We all need to better understand the underlying reasons for our emerging problems – which is the unsustainable level of development, rapid population growth and shrinking environmental resources that we are experiencing.  Caymanians understandably have a genuine fear that they are loosing control of their country as well as the  eroson of their identity because of the increasing and growing influences of the newer arrivals. But we have no one to blame but ourselves.

      Caymanians are feeling the effects of too much change too quickly. But i hope no one is suggesting that these feelings are somehow inhuman or not understandable – as they are quite natural considering the situation and the story of our rapid development over the last few decades.

      What can we do about this situation now – so we can all have a great future together? We have a great little place here – lets be proactive in charting the best course from where we are now. Lets not blame our history or the past – that would be shameful and cowardly.

       

       

       

       

       

       

       

       

       

       

       

       

       

  2. Anonymous says:

    I have no doubt that those who were expressing their xenophobia would have been in church the morning after the event.

    The CI Ministers’ Association has been deafening in its silence.

    Christian Cayman my foot!

  3. Anonymous says:

    Excellent article. It is indeed frightening that the minority are so very loud that they drown out those of us who don’t hold the same beliefs. Nicosia won as she is the best candidate for the job & no other reason – she beat the competition fair & square.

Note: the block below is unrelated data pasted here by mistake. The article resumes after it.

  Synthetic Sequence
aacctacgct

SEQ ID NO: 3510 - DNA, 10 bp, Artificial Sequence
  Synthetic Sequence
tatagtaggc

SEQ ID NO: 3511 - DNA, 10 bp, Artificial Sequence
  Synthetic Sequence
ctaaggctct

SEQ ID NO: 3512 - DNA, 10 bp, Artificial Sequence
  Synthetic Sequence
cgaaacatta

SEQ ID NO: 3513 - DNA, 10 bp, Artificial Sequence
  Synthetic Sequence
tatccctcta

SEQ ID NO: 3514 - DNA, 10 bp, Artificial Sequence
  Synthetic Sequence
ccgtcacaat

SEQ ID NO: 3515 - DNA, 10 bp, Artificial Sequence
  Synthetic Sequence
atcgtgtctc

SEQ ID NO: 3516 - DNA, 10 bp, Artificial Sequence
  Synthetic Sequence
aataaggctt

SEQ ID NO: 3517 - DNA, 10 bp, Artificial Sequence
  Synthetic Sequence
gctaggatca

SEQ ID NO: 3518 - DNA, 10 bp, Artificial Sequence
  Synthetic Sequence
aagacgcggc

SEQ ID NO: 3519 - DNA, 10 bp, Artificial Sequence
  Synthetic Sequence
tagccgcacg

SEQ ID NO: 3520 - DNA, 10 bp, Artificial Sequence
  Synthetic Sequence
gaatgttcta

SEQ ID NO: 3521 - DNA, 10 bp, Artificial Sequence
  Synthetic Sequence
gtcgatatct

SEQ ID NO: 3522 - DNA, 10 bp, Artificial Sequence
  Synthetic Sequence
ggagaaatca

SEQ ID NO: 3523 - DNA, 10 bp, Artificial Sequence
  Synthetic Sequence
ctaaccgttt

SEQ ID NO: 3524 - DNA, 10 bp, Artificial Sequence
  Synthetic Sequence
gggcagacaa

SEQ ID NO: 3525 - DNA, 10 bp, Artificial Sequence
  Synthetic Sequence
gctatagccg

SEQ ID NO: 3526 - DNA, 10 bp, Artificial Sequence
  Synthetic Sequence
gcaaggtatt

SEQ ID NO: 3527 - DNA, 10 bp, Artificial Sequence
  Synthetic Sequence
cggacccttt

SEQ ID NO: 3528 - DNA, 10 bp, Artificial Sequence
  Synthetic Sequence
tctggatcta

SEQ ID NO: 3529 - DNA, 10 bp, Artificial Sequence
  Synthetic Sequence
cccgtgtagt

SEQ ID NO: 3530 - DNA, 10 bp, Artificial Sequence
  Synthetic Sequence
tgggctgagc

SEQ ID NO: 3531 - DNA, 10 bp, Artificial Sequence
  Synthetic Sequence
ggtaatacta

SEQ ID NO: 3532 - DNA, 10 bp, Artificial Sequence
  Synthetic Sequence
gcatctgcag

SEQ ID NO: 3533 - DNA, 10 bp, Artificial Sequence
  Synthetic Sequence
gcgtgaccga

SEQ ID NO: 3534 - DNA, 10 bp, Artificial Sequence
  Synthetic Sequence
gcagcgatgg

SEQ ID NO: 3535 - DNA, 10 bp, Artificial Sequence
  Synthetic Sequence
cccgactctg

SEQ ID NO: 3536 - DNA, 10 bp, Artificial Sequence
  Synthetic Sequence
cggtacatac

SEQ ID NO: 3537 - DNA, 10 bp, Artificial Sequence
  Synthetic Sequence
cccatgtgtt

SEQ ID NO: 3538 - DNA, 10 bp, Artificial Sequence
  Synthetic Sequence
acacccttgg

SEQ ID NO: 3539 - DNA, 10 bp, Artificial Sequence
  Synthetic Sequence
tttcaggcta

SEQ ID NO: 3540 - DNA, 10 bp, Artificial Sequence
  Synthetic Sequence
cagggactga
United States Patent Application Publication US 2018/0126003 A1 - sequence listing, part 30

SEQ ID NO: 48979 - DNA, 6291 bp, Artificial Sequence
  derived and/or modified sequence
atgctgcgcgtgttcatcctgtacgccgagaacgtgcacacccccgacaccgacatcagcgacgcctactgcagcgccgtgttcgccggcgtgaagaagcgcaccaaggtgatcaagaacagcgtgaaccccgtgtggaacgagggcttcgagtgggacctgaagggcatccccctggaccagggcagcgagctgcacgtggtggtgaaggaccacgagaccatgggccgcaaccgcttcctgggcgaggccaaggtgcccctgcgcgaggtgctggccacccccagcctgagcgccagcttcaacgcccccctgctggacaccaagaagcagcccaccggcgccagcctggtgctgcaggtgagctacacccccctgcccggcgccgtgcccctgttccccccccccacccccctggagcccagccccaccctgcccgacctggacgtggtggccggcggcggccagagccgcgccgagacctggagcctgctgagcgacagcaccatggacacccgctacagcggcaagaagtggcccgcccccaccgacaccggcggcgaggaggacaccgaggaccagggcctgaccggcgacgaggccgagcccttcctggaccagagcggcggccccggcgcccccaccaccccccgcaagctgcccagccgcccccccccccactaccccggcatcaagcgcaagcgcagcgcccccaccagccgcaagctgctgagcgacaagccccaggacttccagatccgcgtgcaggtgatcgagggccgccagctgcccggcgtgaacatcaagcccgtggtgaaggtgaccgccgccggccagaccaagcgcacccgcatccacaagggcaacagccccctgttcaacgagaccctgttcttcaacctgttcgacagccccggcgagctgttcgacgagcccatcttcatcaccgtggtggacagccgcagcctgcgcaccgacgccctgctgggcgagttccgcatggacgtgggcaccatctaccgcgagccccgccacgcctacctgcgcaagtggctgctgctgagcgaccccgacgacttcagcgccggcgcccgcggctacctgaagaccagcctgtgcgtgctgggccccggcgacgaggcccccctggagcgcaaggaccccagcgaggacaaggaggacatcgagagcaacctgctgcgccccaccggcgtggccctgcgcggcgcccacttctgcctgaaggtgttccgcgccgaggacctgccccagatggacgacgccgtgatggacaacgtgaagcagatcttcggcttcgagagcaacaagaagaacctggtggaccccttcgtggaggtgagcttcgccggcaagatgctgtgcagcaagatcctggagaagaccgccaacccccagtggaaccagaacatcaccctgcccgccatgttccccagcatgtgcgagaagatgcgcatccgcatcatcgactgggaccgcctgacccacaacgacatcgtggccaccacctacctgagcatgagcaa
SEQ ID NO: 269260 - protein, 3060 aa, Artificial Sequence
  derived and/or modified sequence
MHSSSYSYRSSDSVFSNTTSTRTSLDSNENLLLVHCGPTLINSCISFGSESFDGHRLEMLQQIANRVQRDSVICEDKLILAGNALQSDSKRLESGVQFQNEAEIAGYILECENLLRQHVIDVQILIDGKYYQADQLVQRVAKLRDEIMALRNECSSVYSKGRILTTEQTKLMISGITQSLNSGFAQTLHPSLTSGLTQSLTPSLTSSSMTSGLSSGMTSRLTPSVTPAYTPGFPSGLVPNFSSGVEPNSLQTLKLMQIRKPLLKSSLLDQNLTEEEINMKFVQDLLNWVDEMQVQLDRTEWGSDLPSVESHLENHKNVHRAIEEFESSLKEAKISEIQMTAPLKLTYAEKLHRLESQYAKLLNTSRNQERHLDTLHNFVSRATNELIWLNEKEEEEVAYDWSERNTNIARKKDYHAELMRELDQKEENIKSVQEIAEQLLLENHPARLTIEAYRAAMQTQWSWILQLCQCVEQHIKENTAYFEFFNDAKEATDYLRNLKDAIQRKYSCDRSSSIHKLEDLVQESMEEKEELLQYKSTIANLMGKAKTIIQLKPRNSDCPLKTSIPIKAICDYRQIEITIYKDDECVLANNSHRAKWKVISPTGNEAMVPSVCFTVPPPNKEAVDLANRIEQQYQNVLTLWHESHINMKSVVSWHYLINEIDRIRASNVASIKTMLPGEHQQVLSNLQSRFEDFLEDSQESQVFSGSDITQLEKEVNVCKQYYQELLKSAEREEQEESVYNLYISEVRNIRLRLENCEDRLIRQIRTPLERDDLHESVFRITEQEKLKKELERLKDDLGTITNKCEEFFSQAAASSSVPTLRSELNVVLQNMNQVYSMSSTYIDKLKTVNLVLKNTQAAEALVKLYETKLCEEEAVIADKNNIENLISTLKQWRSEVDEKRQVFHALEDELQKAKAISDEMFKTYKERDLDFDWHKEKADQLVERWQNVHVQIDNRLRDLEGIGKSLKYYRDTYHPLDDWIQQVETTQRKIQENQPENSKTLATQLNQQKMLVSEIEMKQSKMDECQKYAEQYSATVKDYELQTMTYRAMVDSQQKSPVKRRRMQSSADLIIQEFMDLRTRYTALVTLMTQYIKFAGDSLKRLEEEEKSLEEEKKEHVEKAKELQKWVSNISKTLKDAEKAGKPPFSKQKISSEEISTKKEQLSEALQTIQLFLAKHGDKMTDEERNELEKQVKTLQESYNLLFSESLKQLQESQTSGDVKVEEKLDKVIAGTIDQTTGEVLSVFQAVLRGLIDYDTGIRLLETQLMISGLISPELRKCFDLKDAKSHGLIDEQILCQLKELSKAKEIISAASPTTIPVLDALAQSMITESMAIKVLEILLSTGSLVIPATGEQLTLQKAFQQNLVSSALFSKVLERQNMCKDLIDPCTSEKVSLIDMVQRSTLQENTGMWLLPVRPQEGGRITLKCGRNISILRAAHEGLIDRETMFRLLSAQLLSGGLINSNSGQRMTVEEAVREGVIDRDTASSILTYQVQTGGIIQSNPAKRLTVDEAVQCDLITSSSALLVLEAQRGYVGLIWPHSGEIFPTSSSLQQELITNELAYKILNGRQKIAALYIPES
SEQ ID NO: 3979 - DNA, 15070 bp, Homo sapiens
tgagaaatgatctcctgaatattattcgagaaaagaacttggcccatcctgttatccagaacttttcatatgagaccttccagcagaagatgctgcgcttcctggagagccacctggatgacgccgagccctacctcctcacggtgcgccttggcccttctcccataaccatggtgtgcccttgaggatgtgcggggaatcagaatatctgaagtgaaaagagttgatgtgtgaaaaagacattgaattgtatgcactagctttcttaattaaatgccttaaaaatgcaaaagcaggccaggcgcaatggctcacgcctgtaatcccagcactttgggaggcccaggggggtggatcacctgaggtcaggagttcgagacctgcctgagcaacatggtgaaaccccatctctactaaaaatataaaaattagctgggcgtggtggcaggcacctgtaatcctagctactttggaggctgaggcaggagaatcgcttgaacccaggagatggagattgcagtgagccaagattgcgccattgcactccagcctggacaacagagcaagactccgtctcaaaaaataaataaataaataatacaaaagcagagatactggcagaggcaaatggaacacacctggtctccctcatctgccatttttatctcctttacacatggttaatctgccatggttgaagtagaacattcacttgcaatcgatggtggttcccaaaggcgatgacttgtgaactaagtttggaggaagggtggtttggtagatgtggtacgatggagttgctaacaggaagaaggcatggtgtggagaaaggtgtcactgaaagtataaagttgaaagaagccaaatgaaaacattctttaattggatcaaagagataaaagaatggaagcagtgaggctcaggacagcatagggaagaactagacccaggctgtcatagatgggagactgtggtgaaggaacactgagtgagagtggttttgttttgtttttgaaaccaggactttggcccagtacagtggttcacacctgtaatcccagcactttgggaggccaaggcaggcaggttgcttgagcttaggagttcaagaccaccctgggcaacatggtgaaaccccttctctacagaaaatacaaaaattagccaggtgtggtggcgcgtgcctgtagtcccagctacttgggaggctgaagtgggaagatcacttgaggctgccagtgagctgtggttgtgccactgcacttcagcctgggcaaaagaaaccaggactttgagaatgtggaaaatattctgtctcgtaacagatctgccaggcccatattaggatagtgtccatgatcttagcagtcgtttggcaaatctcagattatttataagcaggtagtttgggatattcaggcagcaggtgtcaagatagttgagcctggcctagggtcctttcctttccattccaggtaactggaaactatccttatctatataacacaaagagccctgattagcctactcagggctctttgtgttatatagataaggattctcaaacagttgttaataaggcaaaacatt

My question is this ‘if those that boo’d felt so strongly that she wasn’t ‘true born’ why wait until the night of the event to say something?’  Surely raising a stink about the entrants prior to the event would have been a better way to get the point across? but perhaps that’s my problem – I’m expecting rational behaviour from those that are obviously ignorant.

    Imagine where we’d be if we hadn’t allowed ‘foreigners’ to live amongst and work alongside us. Yes, there are those that come here for the money, or can’t, don’t & won’t speak English but these are in the minority. We keep talking about ‘foreigners’ "taking our jobs" – I wonder if that includes those that work as cashiers, store keepers, helpers, garbagemen, gas station attendants, hospitality industry staff or only refers to those in the financial and legal fields??

    Get over it Cayman – it’s time to move forward.

  4. Anonymous says:

    Now that all has been said and done, at the end she still wears the crown.  She deserved it and unfortunately, none other could compare.  I was somewhat leaning on the crowd favourite that night but when i heard Miss Lawson’s response to the question I had a huge change of heart.  She was brilliant and graceful and beautiful.  I just hope she doesn’t let this little parade of slighted individuals get her down and she say something like "I am a Status Holder or I am orginally from St. Lucia" etc. when she goes to Miss Universe and Miss World………

  5. Anonymous says:

    from rollover rules,religious views, gay kissing and now this latest from of discrimination in the year 2008 …. we are no longer cavmen !!!

     

    Cayman Islands should be ashamed !!

  6. 345-Pride says: